Those, like myself, who marvel at the record prices for the last available classic (if secondary) works by Andy Warhol, must consider that the time between their creation and now is the equivalent of the time span between the Civil War and World War I, a length in which two full generations have come and gone. The pressure of what we continue to call contemporary art collapses this period in our minds into a kind of eternal present: a big part of the market and esthetic appeal of Pop.
Add to this that such popsters as Jasper Johns, James Rosenquist, Marisol, John Chamberlain and Robert Indiana remain among the living and one can almost ignore the fact that Jeff Koons is pushing 60. The one element of life that remains hyperly cognizant of time, because it is a function of time, is (sigh) money, big money. Everyone oohs and ahs over tens of millions that fly down with the auction hammer, without reflecting that, if we were all immortal, there would be no need for money.
Big money is a function of big anxiety: the debt culture of Wall Street is designed to capitalize on the anxieties of the lower classes and the poor to reap riches for the wealthy. And the big money bid at auction, accompanied by the backstage machinations of credit, third-party guarantees and often imaginary bidding is designed to separate the rest of us from art as a transcendental experience to art as a function of surplus value.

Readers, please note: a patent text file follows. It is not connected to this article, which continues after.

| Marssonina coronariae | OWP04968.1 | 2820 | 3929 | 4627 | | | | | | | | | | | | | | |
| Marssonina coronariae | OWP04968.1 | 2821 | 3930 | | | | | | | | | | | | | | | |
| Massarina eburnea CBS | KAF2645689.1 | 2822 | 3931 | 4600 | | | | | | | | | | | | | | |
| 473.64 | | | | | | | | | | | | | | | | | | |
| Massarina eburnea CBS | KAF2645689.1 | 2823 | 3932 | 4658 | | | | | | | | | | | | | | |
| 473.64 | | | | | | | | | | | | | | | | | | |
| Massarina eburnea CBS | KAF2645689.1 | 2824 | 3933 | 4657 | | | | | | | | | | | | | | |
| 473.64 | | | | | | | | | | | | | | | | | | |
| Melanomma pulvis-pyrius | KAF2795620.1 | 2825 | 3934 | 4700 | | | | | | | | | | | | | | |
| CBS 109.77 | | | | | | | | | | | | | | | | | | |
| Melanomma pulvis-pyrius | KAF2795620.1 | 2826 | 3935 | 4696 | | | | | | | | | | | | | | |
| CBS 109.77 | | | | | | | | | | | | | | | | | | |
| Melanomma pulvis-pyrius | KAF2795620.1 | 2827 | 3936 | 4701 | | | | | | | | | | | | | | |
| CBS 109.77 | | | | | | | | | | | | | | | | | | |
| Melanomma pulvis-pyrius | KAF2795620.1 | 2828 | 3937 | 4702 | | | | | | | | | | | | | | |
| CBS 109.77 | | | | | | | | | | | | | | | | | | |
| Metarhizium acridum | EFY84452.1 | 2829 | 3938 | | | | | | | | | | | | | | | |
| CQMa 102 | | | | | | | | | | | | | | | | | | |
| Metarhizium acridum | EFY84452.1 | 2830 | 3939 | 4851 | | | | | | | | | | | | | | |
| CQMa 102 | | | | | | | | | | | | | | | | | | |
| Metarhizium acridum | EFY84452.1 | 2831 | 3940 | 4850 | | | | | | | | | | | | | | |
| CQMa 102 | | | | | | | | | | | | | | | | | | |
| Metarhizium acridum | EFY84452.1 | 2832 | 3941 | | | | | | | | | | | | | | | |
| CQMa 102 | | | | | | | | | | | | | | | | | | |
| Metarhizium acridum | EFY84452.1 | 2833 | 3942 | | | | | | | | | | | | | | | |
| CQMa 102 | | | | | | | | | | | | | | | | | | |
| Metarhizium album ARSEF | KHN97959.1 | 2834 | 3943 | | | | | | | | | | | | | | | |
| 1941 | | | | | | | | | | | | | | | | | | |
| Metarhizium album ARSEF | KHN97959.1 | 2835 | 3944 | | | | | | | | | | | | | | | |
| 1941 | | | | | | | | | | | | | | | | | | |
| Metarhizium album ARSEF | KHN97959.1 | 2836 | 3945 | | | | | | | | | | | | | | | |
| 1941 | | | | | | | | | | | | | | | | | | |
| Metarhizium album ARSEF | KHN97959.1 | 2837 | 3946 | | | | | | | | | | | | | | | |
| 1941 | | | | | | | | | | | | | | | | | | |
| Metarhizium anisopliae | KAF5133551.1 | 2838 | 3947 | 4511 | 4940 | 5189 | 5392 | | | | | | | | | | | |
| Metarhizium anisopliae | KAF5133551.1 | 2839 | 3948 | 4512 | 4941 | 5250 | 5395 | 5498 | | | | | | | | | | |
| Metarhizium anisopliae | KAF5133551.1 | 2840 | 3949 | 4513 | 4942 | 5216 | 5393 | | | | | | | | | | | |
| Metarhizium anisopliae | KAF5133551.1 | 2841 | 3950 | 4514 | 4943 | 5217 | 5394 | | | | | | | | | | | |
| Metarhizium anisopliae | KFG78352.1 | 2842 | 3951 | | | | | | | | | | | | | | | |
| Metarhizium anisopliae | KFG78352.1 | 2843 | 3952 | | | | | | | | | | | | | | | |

What gets lost in this branded cattle call is an inclusive perspective on recent art history. For some reason, this just concluded round of evening sales made me think of Elizabeth Murray, a painter whose work I disliked a lot (not that it matters), but nevertheless a recently deceased artist of celebrated dignity and accomplishment. I mean, where is she in the land of the auction-house death mask shaped like Warhol's dollar sign lying on its side? Nowhere, and that's what's wrong and that's the point.
CHARLIE FINCH is co-author of Most Art Sucks: Five Years of Coagula (Smart Art Press).